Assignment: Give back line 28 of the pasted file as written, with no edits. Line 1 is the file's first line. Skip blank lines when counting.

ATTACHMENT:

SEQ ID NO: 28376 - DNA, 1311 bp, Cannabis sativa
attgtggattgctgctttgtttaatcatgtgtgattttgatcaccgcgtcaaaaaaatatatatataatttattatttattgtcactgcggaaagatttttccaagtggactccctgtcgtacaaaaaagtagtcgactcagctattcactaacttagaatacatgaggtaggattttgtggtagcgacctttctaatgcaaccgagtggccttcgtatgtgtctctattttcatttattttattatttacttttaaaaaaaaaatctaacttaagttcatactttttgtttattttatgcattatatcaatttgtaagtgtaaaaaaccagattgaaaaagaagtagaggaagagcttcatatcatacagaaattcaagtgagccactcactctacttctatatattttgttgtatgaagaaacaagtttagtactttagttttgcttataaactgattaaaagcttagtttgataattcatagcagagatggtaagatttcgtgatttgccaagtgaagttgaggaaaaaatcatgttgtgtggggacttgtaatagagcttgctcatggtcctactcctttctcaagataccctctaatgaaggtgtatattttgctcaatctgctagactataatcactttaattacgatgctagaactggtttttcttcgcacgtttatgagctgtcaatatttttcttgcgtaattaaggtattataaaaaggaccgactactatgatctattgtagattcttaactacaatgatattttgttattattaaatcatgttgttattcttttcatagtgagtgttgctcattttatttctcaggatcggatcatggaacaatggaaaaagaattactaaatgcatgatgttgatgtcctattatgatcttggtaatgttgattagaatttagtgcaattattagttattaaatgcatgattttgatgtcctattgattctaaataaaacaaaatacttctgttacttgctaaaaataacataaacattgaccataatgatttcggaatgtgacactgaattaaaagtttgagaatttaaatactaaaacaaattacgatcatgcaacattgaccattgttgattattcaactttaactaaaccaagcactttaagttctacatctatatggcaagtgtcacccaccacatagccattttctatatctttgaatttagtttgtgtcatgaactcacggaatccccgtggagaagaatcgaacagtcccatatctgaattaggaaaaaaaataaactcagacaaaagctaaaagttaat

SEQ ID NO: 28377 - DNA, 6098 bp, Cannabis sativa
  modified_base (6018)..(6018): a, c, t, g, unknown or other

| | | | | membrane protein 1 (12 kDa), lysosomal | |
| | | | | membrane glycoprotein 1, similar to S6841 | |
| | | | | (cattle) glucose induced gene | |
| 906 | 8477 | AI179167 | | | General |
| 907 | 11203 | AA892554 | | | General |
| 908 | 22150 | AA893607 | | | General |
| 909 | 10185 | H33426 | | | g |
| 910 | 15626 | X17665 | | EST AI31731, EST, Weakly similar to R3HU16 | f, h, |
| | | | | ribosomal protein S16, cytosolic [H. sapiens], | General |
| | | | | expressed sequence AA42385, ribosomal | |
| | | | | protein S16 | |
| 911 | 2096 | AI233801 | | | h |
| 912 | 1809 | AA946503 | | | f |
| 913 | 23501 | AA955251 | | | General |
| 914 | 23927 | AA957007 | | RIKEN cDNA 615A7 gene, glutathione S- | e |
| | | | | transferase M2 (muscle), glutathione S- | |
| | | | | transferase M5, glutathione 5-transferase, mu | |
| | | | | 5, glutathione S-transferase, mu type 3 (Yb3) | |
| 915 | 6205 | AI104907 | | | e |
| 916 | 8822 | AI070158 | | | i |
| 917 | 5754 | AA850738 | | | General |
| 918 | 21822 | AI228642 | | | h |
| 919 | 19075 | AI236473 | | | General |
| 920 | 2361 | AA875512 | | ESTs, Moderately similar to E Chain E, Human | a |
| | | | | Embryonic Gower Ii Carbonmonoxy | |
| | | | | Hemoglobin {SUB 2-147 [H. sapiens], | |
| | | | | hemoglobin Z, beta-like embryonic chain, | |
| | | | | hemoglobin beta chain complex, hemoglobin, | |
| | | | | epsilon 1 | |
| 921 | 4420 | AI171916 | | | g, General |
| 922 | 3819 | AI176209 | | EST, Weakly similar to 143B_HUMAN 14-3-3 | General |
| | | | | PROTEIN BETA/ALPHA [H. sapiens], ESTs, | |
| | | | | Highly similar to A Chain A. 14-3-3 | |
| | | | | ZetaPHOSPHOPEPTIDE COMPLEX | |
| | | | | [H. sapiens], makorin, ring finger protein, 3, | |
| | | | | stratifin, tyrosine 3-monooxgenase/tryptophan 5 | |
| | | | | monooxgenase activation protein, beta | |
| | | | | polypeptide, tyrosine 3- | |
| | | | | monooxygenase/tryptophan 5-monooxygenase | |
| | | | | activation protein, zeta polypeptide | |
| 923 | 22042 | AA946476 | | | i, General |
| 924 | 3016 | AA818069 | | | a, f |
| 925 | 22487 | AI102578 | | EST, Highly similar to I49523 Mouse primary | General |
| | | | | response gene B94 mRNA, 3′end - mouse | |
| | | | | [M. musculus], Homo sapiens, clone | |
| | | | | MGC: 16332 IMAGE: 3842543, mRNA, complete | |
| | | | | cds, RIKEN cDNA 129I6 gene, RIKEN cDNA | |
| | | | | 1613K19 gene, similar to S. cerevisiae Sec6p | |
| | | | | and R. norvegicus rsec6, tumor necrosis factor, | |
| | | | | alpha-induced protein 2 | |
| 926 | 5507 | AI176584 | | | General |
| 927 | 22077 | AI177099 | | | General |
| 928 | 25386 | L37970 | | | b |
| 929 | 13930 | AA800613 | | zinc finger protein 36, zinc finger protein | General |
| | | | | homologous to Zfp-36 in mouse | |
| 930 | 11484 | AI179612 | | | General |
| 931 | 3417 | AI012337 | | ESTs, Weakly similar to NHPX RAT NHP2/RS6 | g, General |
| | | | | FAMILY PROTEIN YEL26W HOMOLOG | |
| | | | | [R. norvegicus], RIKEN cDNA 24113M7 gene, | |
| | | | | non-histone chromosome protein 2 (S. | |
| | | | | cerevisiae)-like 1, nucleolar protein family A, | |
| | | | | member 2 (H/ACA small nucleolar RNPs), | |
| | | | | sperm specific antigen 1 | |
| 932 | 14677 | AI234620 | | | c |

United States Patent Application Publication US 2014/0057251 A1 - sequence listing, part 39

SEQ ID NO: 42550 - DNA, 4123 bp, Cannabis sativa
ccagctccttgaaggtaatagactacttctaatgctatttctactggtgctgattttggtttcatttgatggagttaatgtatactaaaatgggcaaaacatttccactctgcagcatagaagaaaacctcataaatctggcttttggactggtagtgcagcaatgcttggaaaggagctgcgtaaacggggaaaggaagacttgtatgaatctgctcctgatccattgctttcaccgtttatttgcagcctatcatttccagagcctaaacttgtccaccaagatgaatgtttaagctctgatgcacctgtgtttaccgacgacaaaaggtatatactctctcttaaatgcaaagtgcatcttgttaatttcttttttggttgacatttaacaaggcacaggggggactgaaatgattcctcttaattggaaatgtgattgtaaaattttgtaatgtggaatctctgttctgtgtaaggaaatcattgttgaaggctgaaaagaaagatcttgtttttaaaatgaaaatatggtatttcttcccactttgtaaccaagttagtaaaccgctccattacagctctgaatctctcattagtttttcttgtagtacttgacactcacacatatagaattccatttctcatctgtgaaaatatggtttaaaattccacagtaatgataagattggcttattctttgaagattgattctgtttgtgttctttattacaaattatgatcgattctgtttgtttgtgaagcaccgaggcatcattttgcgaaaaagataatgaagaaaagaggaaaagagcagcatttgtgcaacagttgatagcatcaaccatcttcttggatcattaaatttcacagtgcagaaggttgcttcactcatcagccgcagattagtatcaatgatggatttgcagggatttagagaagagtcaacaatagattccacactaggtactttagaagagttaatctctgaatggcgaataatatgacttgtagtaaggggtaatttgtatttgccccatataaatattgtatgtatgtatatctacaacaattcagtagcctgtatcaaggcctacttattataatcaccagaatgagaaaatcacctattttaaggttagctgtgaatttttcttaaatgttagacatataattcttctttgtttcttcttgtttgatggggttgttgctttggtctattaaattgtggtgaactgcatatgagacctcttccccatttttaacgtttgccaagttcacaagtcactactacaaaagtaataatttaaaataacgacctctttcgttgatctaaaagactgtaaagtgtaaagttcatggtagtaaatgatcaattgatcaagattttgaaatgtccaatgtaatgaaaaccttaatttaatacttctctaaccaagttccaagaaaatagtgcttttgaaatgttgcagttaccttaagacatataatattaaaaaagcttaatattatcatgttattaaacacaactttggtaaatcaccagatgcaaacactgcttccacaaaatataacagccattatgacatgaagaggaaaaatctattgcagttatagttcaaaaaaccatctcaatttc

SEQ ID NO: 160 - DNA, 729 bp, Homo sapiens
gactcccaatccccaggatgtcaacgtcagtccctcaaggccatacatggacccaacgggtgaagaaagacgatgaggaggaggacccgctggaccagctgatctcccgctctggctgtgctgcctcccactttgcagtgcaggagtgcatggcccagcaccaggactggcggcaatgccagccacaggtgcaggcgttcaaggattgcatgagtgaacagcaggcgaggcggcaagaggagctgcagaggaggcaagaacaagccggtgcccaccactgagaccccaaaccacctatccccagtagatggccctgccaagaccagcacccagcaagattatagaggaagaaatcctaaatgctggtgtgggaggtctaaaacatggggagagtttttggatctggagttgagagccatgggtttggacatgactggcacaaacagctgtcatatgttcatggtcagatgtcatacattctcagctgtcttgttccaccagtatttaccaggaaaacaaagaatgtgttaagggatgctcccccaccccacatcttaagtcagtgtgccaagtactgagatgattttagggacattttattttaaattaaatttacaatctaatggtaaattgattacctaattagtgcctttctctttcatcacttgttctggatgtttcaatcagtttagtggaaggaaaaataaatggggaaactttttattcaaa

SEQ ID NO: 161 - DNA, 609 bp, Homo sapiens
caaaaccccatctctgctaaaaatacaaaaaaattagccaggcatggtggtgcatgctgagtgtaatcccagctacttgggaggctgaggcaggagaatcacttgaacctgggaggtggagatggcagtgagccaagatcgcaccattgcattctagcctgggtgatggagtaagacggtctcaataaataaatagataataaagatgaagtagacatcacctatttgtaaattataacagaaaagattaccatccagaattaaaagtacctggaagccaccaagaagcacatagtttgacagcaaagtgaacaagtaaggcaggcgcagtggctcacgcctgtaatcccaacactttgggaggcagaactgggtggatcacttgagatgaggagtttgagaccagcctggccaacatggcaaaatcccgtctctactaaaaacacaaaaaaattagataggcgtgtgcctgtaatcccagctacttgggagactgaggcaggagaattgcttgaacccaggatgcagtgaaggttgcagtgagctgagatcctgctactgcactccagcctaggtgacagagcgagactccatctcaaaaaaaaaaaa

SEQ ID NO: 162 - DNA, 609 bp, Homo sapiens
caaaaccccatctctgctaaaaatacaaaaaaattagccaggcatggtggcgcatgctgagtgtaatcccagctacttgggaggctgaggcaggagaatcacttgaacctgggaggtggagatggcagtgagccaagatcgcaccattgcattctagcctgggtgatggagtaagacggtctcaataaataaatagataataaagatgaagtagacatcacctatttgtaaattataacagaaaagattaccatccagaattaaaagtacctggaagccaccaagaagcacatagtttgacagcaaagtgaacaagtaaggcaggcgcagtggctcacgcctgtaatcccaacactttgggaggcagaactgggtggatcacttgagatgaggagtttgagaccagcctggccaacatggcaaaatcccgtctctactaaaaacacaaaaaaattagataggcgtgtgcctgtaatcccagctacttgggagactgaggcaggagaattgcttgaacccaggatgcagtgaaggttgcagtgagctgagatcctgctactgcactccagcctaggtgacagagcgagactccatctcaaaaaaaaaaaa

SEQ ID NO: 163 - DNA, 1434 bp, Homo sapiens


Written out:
| 920 | 2361 | AA875512 | | ESTs, Moderately similar to E Chain E, Human | a |